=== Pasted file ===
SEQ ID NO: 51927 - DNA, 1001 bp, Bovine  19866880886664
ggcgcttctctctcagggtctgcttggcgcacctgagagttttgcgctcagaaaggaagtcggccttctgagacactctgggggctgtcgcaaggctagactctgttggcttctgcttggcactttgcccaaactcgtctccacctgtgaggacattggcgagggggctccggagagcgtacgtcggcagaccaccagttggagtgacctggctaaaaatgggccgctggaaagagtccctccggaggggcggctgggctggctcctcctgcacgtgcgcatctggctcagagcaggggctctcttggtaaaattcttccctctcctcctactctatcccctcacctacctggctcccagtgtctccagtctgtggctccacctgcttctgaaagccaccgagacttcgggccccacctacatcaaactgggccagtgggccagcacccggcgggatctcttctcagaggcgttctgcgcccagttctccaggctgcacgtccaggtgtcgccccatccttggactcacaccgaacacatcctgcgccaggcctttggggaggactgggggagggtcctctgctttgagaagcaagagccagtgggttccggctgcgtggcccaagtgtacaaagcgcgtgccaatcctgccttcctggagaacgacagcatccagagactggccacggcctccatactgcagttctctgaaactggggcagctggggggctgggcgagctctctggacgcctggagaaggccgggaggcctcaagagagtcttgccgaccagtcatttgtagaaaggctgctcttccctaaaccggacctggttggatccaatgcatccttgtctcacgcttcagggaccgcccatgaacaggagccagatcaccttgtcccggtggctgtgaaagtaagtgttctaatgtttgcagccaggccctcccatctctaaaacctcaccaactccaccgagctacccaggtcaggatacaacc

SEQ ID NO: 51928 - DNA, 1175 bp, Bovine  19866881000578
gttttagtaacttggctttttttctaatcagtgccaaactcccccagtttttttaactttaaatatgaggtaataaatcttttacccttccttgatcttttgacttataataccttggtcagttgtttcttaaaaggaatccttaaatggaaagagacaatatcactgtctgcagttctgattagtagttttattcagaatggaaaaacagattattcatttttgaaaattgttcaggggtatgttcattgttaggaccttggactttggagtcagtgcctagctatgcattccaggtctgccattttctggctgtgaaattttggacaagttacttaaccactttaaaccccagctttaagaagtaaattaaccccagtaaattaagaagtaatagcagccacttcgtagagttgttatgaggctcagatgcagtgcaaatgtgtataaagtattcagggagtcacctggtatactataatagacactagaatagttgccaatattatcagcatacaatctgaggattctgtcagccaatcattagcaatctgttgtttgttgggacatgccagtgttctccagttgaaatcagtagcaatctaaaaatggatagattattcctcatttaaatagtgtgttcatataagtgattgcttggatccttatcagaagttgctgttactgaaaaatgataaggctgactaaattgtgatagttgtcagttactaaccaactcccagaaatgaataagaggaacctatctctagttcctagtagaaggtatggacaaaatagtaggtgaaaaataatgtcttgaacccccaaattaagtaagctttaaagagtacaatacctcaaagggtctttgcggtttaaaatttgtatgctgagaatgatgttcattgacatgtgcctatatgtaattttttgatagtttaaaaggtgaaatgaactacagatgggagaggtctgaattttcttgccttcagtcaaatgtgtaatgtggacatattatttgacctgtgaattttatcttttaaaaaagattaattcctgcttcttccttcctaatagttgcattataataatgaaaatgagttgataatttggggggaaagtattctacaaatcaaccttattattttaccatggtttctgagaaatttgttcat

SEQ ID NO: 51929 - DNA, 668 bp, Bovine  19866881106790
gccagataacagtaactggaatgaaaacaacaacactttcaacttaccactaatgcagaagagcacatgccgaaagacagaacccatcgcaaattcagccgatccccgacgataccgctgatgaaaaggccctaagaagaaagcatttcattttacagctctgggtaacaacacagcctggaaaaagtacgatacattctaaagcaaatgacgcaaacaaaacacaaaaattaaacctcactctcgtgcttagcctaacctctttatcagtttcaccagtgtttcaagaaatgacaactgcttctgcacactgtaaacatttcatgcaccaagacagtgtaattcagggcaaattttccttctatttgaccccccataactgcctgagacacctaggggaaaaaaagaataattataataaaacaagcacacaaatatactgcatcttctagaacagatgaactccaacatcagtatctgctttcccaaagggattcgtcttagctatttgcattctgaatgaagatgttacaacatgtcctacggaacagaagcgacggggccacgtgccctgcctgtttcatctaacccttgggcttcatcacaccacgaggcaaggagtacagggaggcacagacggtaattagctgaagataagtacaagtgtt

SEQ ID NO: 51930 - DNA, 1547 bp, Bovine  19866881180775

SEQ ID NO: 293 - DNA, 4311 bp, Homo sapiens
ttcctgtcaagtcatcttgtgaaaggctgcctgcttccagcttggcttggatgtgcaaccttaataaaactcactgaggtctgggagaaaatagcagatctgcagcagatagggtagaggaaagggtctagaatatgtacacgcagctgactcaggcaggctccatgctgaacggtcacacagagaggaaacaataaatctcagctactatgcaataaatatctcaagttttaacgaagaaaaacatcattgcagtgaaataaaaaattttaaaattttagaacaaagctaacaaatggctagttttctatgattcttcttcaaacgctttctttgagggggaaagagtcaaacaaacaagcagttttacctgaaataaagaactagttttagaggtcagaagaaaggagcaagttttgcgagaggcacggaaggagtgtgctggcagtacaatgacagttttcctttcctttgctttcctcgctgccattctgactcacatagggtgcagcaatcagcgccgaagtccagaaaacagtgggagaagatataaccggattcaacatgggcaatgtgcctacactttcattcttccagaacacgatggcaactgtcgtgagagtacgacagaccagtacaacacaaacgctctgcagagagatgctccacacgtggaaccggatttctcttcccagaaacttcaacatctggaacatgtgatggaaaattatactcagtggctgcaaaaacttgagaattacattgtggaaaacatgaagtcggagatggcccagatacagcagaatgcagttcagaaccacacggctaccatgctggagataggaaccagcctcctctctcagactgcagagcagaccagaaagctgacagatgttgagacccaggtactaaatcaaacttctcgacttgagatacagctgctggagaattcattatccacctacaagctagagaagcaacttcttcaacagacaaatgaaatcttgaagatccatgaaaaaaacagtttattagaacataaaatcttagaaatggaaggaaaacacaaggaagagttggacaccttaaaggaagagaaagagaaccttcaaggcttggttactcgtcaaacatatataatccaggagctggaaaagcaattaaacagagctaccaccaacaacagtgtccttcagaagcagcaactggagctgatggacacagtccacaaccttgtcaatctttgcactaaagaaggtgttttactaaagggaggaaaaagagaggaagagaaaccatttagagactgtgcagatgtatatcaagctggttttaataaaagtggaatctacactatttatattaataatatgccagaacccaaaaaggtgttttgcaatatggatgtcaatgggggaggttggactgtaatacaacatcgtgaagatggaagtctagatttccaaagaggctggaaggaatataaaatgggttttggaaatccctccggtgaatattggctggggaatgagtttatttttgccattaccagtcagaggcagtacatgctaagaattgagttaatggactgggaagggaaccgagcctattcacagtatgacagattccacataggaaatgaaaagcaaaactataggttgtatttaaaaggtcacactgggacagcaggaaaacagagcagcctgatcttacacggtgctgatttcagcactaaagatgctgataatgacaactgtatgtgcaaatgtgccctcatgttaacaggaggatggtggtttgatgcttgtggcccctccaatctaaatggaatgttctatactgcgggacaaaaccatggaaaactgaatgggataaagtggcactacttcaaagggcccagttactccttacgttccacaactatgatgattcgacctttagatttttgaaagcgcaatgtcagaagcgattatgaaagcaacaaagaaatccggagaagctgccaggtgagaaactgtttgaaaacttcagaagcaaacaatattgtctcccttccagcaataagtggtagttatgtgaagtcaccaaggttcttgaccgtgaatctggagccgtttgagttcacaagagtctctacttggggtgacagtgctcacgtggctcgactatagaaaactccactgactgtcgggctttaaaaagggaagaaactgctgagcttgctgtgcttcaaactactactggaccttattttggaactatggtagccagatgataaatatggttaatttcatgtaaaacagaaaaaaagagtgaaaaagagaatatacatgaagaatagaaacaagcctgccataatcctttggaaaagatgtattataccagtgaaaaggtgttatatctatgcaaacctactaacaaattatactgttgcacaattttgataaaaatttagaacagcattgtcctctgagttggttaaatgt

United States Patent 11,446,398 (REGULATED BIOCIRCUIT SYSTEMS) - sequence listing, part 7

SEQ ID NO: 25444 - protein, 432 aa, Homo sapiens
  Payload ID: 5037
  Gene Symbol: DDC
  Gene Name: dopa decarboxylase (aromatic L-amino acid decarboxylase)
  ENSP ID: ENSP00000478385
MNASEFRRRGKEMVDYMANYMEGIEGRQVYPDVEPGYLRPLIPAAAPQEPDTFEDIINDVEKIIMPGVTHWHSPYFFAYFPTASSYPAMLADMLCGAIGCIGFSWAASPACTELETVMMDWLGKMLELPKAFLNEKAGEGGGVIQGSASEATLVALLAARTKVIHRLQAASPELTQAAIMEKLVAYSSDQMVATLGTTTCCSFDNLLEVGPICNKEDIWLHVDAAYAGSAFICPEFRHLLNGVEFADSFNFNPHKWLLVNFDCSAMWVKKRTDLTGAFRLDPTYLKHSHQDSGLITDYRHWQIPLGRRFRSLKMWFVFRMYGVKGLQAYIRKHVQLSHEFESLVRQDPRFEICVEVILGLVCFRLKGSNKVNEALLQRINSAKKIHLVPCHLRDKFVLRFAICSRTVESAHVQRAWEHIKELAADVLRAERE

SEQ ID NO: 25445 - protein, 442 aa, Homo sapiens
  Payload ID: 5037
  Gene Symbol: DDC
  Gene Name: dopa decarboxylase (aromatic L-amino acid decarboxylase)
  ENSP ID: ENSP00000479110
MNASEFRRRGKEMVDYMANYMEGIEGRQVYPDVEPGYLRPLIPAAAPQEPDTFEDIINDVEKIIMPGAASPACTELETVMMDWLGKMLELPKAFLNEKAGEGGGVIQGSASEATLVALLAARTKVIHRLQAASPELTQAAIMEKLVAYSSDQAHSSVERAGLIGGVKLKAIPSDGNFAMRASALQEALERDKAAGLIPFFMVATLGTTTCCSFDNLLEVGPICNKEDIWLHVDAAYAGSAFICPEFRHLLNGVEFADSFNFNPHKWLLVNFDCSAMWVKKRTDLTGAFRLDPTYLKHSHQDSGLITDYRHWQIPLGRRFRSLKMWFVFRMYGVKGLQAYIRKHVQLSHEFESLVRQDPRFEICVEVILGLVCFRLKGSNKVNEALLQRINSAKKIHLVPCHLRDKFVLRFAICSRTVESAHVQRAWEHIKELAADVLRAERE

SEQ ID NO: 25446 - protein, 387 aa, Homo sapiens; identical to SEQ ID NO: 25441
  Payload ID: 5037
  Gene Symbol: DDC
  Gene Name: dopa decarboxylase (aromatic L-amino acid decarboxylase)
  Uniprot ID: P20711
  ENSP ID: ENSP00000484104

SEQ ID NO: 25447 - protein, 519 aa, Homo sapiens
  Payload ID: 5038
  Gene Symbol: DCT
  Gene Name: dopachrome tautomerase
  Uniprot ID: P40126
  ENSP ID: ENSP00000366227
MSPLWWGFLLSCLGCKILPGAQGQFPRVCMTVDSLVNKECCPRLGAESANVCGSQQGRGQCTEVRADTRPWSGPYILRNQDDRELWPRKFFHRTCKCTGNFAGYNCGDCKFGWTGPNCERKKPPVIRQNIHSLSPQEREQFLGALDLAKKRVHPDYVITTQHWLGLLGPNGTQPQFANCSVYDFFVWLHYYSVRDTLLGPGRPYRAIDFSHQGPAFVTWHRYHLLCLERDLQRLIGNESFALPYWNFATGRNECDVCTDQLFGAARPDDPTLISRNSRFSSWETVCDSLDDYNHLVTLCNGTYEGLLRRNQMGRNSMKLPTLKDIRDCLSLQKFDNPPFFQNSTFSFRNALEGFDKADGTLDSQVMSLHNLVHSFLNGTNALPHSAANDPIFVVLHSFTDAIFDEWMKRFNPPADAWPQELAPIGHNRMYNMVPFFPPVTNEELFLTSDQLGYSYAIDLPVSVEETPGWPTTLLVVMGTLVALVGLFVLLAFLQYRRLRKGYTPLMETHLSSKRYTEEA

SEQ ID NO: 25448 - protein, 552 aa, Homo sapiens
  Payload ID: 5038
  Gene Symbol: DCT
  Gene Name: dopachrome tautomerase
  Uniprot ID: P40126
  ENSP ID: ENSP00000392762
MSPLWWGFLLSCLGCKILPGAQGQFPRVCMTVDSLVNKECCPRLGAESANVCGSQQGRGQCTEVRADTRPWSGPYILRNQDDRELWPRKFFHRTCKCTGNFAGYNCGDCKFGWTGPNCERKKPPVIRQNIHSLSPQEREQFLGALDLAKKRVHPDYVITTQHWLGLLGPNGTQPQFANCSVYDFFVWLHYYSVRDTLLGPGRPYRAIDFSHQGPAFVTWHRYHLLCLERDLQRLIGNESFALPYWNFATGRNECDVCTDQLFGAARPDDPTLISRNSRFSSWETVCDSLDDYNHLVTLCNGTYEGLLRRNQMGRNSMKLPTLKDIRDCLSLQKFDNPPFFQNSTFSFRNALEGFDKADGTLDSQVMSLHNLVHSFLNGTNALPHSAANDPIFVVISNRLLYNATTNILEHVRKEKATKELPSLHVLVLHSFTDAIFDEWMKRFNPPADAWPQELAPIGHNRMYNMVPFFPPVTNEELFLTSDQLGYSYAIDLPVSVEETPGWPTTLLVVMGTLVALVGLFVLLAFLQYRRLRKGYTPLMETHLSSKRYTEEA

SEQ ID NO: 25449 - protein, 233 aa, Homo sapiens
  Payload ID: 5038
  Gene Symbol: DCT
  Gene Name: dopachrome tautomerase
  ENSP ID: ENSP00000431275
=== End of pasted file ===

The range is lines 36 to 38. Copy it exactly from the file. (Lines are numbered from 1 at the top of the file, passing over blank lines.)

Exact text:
SEQ ID NO: 25448 - protein, 552 aa, Homo sapiens
  Payload ID: 5038
  Gene Symbol: DCT